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Sunday, July 10, 2005

On Civil Disobediance

Since Judith Miller was sent up the river for honoring her agreement with a source, many pundits have been spouting off about civil disobediance, its history, and how they think it should be used.

I've heard the opinion that Civil Disobediance is acceptable only if the protester accepts the legal consequences of his actions. Thoreau spent a night in jail. Many civil rights protesters did as well, following sit-ins.

If a law is unjust, then the consequences for breaking it are unjust as well. If they can be avoided, then so much the better. The system is more likely to be eroded by the unchecked defiance of its rules than by one violation.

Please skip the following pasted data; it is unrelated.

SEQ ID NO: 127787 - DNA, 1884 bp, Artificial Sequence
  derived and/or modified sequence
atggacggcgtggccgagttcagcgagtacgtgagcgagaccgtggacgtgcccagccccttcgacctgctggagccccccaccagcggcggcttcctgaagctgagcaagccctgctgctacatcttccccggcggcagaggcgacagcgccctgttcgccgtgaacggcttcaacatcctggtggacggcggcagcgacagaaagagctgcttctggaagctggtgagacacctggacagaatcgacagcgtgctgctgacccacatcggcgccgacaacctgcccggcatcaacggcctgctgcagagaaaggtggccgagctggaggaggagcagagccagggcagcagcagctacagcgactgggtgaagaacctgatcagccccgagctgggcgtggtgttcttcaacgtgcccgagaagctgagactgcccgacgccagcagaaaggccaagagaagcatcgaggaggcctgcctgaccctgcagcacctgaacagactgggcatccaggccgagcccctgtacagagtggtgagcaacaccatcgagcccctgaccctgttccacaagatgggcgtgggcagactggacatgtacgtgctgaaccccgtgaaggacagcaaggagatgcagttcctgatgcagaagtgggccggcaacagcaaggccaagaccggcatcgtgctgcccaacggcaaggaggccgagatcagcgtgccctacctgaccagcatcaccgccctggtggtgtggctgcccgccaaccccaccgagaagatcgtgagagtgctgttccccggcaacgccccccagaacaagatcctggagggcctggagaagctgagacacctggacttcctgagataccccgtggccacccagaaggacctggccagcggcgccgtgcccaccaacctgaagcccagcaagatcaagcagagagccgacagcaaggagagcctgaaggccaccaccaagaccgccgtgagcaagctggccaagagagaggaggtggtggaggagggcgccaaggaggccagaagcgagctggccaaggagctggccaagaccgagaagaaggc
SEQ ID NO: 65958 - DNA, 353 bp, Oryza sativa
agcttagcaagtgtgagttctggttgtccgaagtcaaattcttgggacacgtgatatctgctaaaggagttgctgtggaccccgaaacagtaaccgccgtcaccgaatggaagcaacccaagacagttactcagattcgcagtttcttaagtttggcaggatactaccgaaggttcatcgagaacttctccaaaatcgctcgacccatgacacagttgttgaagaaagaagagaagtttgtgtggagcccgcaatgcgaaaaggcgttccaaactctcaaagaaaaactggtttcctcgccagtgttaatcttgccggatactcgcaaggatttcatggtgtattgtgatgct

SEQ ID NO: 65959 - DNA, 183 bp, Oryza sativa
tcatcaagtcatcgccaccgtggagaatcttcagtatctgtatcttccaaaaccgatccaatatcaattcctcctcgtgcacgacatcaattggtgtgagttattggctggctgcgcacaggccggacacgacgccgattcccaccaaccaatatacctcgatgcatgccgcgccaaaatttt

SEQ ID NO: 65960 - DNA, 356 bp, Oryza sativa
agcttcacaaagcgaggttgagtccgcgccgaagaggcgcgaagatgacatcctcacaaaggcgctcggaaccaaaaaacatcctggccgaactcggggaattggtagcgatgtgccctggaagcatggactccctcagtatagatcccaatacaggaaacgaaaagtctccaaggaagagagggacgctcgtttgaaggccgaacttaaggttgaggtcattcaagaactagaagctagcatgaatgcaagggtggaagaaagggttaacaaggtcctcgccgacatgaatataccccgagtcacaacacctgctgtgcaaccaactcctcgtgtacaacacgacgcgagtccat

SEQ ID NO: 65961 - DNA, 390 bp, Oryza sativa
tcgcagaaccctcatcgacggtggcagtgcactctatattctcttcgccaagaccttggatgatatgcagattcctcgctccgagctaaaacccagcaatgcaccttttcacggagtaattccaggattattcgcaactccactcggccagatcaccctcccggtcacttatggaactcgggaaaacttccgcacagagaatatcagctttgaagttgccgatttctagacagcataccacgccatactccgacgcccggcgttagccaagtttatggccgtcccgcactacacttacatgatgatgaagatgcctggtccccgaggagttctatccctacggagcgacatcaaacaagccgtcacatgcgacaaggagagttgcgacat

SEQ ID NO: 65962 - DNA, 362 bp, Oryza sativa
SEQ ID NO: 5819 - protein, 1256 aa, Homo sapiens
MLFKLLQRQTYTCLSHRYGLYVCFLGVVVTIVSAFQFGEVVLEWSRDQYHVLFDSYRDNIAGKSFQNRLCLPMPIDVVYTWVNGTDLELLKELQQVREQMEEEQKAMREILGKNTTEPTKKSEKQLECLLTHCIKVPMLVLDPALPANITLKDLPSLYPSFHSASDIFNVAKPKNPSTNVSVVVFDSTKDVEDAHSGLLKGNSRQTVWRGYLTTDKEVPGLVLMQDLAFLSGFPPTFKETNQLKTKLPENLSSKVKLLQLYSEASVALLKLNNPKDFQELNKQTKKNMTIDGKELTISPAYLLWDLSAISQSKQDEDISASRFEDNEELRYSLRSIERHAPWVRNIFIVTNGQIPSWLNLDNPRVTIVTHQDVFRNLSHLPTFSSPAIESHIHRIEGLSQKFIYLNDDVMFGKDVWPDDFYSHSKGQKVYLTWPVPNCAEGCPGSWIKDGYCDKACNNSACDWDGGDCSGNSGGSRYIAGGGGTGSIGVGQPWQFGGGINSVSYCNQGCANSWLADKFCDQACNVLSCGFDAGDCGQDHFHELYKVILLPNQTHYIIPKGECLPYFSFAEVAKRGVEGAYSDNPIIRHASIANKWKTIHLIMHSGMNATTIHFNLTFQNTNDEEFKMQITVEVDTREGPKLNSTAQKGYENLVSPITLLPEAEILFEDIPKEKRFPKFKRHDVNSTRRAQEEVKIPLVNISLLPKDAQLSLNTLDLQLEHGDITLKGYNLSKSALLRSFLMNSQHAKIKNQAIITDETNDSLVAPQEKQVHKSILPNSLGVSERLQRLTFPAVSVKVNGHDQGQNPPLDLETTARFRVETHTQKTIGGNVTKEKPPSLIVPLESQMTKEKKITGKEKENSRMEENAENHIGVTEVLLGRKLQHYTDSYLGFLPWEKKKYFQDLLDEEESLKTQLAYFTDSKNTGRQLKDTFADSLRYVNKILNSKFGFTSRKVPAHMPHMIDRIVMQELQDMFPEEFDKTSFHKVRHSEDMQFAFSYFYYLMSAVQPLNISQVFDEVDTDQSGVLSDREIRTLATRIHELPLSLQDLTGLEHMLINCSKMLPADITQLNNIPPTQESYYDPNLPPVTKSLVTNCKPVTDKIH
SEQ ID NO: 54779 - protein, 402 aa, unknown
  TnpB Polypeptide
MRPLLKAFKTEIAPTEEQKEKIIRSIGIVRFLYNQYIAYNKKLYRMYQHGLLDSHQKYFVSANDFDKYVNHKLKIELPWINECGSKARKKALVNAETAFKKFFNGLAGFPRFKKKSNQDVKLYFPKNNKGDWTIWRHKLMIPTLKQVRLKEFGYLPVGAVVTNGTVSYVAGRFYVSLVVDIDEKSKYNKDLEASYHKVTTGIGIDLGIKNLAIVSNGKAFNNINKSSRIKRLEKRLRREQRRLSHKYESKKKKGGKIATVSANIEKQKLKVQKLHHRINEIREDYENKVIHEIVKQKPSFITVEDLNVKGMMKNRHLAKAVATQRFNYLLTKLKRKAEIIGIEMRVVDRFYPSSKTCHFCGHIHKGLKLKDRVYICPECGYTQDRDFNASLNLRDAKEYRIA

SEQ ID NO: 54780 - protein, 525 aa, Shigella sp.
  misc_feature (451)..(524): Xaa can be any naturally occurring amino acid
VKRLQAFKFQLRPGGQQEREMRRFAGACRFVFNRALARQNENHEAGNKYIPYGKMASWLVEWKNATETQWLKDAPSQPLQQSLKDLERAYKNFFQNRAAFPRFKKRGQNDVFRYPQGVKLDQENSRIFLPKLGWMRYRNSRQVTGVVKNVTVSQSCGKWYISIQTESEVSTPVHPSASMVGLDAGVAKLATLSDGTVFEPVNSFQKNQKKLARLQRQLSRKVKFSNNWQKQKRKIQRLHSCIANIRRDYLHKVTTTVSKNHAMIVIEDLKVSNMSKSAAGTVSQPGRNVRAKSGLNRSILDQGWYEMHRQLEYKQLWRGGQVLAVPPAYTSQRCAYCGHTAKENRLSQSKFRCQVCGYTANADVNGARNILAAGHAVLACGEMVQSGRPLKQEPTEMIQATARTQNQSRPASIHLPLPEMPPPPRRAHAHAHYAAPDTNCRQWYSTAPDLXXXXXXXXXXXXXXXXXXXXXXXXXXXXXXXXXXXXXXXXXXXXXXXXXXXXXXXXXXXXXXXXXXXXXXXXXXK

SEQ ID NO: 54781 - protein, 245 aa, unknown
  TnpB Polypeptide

The reason that so many believe a protester must accept the consequences is that they do not want to undermine the entire system. They believe that the government is fine. They believe it can do whatever it wants, to whom it wants, when it wants, and everything is great. They only have a problem when the government comes after them.

I have news for you. Everyone is a minority. When we allow the neighbor's house to be demolished for a sports arena, we pave the way for a parking lot in our own yard.

That being said, overthrowing the government is not a good idea either, but I see no reason to accept one type of oppression in exchange for protesting another. Both are unjust. Protest, contrary to popular opinion, is not about the protestor's ego. It is about improving society.

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